9. No WWE tie-ins. If you’re expecting Brock Lesnar to suit up for the Revamped Las Vegas Outlaws or one of WWE’s announcers to call any games (like Jim Ross and Jerry Lawler did during XFL One), don’t hold your breath. There will be no crossover from WWE management or talent.

The league will have a separate management team from WWE. McMahon will continue in his WWE roles, and its management will serve as consultants to the XFL.

10. $100 million in funding – and counting. The XFL is still two years from launching, and it has nine figures in potential funding from McMahon’s Alpha Entertainment equity company.

He said he will start with $100M in funding. “But it will probably go beyond that,” he said. “I’m extremely fortunate to know that I have the ability to be able to do this. I won’t say whatever it takes, because I’m a business man. But there will be plenty of capital to be able to capitalize and do what we want to do by re-imagining football.” 

Will the XFL succeed? It’s clearly too early to answer that question. But McMahon’s press conference on Thursday clearly generated buzz and excitement, and it seems like that was the goal for today. Once more details are released, and once (if) the games start, then we can make judgments about the future of the XFL and the quality of its football.

About Joe Lucia

I hate your favorite team. I also sort of hate most of my favorite teams.

10 thoughts on “10 things you need to know about the new XFL

    1. I watched a few XFL games the first time around. They were fine. I’m glad to see that they dropped the whole “Xtreme” angle to everything. It was a bit overdone. I’m interested to see what the broadcasts will look like. The old XFL ones were good, and now the NFL has seemlessly adopted their sky cam.

      There are plenty of folks that only follow football. Why not try to cash in on them when the college and NFL seasons are done? If there’s free streaming options supported by ads, I could see people tuning in. I know I would. No way would I pay for it, though.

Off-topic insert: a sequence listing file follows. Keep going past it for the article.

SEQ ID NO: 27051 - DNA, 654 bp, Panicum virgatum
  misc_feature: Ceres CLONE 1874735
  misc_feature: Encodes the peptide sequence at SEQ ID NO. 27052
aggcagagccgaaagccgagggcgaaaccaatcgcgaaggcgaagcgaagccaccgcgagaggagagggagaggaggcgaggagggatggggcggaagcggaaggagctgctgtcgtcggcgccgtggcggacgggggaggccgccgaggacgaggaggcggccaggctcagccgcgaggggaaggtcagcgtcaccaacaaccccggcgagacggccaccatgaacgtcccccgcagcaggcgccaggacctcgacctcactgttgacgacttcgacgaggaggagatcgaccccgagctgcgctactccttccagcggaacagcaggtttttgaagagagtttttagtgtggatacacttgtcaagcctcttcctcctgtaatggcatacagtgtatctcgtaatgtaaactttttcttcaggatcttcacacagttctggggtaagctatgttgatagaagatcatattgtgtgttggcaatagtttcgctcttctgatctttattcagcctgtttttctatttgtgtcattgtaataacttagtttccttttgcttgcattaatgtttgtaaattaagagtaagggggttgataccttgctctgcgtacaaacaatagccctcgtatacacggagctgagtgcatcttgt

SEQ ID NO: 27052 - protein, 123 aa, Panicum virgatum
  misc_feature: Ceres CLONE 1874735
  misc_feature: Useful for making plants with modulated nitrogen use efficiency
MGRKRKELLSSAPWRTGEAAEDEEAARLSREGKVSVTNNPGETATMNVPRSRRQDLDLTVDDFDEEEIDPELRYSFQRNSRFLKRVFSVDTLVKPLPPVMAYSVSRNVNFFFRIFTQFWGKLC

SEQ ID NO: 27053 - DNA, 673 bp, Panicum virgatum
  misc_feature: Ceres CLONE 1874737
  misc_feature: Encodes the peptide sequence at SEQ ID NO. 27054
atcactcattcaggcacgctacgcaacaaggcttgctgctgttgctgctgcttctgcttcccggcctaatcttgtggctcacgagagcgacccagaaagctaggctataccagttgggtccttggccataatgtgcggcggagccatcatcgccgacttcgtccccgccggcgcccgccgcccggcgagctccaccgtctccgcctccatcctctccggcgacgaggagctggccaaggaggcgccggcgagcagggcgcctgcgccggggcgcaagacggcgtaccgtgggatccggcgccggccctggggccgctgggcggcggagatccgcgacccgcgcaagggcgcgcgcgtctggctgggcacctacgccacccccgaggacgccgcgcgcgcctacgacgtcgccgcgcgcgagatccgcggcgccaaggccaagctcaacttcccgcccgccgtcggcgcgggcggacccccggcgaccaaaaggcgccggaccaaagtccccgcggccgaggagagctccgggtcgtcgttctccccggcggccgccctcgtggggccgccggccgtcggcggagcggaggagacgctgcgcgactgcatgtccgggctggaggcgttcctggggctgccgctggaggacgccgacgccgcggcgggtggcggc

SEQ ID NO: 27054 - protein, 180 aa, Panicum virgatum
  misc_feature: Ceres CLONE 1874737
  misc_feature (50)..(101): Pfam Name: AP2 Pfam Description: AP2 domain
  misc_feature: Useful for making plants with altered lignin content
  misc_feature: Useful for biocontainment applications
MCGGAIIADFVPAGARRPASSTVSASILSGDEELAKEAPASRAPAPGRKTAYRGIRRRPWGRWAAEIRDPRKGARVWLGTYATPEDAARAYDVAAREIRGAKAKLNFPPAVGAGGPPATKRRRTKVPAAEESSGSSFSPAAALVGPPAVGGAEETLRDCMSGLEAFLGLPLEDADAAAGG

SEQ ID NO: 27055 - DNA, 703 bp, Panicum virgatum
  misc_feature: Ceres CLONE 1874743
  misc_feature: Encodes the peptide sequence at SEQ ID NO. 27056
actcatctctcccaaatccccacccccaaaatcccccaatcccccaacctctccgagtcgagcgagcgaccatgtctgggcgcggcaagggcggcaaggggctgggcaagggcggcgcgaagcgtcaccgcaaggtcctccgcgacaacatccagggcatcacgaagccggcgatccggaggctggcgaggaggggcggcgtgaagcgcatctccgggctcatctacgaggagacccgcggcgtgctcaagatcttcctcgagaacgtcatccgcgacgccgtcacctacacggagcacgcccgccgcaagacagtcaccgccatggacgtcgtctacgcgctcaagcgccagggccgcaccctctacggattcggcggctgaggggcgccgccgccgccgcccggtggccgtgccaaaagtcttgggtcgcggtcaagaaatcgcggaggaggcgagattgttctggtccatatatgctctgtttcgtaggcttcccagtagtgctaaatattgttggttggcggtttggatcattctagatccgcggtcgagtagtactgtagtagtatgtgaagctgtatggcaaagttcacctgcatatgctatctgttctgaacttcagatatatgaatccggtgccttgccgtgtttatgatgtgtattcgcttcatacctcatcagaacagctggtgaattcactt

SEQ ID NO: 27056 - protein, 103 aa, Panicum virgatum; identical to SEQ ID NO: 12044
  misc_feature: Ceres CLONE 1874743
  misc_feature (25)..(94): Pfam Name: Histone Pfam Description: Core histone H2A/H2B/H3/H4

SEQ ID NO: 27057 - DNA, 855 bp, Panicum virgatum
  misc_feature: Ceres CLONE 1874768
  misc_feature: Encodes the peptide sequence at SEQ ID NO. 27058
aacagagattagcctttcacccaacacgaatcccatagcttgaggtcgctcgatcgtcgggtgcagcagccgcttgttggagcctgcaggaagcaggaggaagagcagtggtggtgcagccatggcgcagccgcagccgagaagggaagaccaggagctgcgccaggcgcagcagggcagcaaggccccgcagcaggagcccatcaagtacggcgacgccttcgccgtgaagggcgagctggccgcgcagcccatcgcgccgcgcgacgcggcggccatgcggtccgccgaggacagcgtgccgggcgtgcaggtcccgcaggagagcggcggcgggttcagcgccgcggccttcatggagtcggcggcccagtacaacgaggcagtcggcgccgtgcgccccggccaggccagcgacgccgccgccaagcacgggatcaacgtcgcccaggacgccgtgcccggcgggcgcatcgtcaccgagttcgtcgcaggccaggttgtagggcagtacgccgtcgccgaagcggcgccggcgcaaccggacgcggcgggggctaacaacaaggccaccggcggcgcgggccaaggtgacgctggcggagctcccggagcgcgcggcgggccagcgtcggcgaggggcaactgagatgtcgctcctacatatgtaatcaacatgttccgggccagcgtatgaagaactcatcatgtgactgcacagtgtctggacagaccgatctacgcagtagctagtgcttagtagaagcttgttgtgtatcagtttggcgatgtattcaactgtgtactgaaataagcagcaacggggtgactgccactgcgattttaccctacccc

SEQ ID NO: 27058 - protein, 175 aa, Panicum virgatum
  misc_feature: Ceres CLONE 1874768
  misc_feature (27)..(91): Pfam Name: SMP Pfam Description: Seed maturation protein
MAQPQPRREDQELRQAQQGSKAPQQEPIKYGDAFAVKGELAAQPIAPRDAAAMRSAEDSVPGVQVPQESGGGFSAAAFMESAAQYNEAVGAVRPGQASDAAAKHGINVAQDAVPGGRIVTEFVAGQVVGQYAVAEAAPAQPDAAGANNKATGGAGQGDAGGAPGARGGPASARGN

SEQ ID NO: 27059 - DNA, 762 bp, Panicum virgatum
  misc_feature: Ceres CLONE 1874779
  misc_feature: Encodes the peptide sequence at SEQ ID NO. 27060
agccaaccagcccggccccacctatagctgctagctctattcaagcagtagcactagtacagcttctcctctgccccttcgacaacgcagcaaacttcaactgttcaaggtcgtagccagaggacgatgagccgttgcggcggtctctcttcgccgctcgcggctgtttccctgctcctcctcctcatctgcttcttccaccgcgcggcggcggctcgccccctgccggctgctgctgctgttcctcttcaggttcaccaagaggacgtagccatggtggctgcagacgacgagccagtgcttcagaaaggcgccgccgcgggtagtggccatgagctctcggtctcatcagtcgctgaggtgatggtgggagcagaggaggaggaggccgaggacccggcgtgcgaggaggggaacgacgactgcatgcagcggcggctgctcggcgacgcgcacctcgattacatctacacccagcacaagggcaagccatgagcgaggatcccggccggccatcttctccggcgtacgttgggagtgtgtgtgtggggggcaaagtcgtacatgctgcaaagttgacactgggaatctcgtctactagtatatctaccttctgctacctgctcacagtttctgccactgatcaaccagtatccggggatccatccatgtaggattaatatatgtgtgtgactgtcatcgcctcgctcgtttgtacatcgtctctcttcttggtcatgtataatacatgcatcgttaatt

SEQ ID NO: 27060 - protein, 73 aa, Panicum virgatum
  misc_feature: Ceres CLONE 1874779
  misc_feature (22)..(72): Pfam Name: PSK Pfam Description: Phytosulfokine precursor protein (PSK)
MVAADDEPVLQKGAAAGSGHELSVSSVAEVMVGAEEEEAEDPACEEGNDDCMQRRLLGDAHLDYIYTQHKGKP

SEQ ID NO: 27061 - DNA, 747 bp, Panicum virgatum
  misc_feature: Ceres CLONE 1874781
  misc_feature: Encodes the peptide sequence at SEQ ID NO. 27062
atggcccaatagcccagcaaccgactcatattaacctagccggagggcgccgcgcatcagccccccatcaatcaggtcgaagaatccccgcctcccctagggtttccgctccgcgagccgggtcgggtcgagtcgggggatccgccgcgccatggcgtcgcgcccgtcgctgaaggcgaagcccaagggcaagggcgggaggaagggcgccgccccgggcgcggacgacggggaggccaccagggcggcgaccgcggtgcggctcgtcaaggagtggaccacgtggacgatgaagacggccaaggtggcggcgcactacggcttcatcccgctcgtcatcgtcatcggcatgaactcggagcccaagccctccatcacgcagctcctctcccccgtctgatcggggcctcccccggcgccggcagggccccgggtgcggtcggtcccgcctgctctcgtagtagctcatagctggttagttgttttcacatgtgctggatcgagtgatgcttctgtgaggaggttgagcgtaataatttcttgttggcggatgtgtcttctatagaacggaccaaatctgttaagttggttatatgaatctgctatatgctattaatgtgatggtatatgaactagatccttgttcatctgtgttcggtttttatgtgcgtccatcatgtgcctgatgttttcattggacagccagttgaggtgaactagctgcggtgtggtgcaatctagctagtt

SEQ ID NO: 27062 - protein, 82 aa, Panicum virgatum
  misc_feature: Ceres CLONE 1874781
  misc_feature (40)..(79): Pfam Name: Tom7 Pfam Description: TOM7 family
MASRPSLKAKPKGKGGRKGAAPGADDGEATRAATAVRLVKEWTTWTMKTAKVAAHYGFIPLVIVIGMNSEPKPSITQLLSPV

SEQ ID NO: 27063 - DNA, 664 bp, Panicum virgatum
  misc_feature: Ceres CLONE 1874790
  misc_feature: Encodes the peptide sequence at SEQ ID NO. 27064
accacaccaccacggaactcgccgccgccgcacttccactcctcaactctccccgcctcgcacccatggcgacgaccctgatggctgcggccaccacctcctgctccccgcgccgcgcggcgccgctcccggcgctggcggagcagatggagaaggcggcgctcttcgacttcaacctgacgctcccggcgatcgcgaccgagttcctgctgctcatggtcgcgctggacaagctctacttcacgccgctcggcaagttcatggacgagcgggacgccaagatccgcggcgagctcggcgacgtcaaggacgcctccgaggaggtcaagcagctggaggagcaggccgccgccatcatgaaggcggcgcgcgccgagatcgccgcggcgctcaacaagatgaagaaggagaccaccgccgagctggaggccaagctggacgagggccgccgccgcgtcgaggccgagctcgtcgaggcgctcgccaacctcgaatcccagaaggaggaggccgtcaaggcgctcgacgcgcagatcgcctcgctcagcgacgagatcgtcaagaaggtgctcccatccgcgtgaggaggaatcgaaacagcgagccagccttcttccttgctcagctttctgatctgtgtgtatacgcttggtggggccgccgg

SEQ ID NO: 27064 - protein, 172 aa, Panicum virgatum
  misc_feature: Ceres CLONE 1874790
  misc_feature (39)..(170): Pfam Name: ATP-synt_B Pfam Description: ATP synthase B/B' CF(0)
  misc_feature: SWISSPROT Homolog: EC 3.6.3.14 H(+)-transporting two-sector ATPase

1. Plenty of us watched the first time. They had a few initial issues but the coverage was better than the NFL with plenty of innovations like the Sky Cam.

  1. I have the 8 cities they new to look at My thinking is each of these cities already have 40,000 seat football stadiums in place that would be ready to go. I also did not choose a current NFL market. First, Eastern Division Hartford CT(Reinchler) feild, Orlando FL(Camping World) Stadium, Birmingham AL(Legion) field, and Memphis TN(Liberty Bowl) Western Division, St. Louis MO(Dome at America’s Center) San Diego CA(San Diego County Credit Union)Stadium, San Antonio TX(The Alamodome) El Paso TX (The Sun Bowl).

    1. Don’t know about San Diego because SDCCU (formerly Qualcomm) Stadium is scheduled to close for good at the end of this year.

      1. Adding:

        I was thinking they would need to be in NFL cities for the most part, but not necessarily in NFL stadiums New York/New Jersey (most likely the soccer stadium that is home to the NJ Red Bulls in Harrison, NJ) is the most obvious, but most of the rest I do agree with. San Diego could be a joint stadium with San Diego State as they are also going to have to move after next year.

      1. I was thinking about cities with stadiums that are open in the spring with NO MLS cross over. Columbus could work if the Crew indeed do move to Austin. I would replace El Paso with Columbus in that case.